Adam Greco is something of a legend in the Adobe Analytics space. I’ve been reading his blog posts and learning from him since I first started using Omniture back in 2007 or so. He literally wrote the book on Omniture and then Adobe SiteCatalyst. The reason his blog was so useful is that very few people were writing about advanced digital analytics at the time. Between Adam and Ben Gaines, I learnt much of what I know about the then-emerging discipline.
Adam also recently come on board as a strategic advisor for Snowplow. That’s super exciting because now there’s someone with extensive experience helping the Snowplow team refine their offering.
A few weeks ago Adam posted a description of a really interesting report he’d built to use Adobe Analytics data. Quantifying Content Velocity is a really great approach to understanding how quickly different types of content get in front of an audience.
I love this view because you can clearly see how quickly your content finds an audience. Some content will be taken up really quickly, spreading around the Internet like a virus: “news” type content, or something that manages to hit the Zeitgeist and become a viral hit. Other content takes time to build an audience and become an established resource for whatever it’s talking about: long-tail SEO content that gets more traffic over time.
Adam’s approach is a bit clunky in a few ways so it got me thinking about how we’d build something similar to use Snowplow data.
There’s a couple of problems I have with the Adobe approach that I’d like to improve upon.
The first problem is a long-term problem I’ve had with Adobe Analytics. The time a particular event is recorded isn’t available as an explicit dimension in Adobe Analytics. This problem has been around forever with Adobe and before that Omniture. Apparently these dimensions are available in Analytics Workspace, but not in the rest of the platform.
There are a bunch of ways you can use a timestamp dimension. You can build a time-of-day report to look at when users are visiting: hour of day, day of week etc. The only way to do this is to use an old hack, I’m not sure if it was Adam or Ben who originally came up with it, that pushes the day part you’re interested in into a dimension for later use. There’s two problems with this: every day part you want consumes a custom dimension (props and eVars) and it relies on the clients having an accurate clock. I’m sorry, but clients don’t have accurate clocks in the real world!
I’ve seen the clock thing at scale with large companies and the client clocks can be miles out. A quick query of our own site shows a few, but I know from querying much larger sites that this is very common. In real-world examples I’ve seen clocks that are years wrong, in both directions.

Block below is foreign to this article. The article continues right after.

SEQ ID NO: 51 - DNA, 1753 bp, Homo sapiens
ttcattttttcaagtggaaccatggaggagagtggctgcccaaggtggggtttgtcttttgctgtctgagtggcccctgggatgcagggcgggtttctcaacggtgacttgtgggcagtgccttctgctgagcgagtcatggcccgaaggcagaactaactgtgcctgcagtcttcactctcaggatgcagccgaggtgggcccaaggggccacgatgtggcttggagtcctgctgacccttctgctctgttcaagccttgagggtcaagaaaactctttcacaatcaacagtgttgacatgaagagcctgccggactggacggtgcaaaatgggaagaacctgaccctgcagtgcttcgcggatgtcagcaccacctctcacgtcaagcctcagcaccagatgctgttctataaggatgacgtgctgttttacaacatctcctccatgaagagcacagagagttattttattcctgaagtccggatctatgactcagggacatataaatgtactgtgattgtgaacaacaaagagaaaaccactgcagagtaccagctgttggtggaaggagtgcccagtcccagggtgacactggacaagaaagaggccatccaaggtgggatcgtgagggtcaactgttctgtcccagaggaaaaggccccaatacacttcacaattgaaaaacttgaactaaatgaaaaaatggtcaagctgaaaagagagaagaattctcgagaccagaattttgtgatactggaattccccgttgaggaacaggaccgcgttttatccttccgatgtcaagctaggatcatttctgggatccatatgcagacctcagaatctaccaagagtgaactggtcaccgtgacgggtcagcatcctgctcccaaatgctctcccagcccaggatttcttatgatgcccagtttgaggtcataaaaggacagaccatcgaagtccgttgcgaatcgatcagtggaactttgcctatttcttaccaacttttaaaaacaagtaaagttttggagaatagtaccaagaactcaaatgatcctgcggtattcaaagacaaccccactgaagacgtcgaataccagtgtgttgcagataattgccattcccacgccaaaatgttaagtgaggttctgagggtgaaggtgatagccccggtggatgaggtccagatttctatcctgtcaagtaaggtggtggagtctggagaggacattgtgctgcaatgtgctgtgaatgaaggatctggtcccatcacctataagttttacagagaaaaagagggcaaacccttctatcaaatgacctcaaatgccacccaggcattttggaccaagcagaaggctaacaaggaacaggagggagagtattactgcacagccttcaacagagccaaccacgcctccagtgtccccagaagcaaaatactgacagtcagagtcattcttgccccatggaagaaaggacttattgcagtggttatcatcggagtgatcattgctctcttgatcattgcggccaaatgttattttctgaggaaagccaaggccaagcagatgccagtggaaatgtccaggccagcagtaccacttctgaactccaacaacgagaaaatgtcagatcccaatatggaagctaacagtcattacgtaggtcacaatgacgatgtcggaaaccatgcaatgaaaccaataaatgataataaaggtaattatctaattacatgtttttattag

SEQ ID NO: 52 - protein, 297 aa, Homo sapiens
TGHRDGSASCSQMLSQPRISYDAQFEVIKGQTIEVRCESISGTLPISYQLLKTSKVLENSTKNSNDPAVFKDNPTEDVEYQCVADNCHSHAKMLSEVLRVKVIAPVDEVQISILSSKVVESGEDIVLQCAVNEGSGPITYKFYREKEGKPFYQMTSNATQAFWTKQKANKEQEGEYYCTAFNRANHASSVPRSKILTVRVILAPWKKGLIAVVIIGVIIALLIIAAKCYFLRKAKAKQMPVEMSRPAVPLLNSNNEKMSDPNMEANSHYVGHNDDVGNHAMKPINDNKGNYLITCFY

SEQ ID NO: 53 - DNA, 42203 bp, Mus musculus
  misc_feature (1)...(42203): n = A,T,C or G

You can see in this query that we’re taking advantage of some of the many timestamp fields Snowplow records, so this will be handling any issues with queuing of events to send later. See this post for more information about the timestamp fields.
For the record, Google Analytics has a pretty good set of time-based dimensions that you can use for this and not consume custom dimensions.
Another problem with Adam’s approach is that it’s kinda clunky. I’m sure that with a bit of work you could automate this and make it a bit neater but it’s very manual. Snowplow has the advantage of being able to use the very expressive SQL query language and then push the result into whatever visualisation tool you want to use.
With a somewhat complex SQL query we can actually work out the publish date for a piece of content automatically by
looking for the first time we see Snowplow data for it. To make this truly accurate though, we need to filter out any
hits that come in while the author is working on the piece but prior to publishing. We can take advantage of the
user_internal column I created in the
blog post on data modelling users.
Here’s an example of a simple time parting report showing the day of the week people consume our content. You can see we’re pretty popular on weekdays and less so on weekends.
I was a bit daunted by the query I needed to make here so I turned to the ever-reliable
Jethro to recreate Adam’s report in SQL. Working
together we came up with this query. It contains two nested
SELECT statements to find the first instance
of a particular URL being seen to work out the publish date, then calculates a value for how long the individual
pageview event is after the publish date.
From here I was able to create a nice line chart in Tableau by using
velocity_bucket as the X axis.
This is a very expensive query, going through every pageview row in the database to find the first instance of the URL. Rather than calculate this every time you run the report, you could merge it into the data model for each pageview. The approach of using the first pageview to signify publishing is also problematic unless you very carefully exclude all pageviews while the content is being written and edited. A better approach would be to derive the publish date from the CMS metadata, along with other metadata about each article.
You’d then make this available within the pageviews view I created in the final part of the data modelling blog series.
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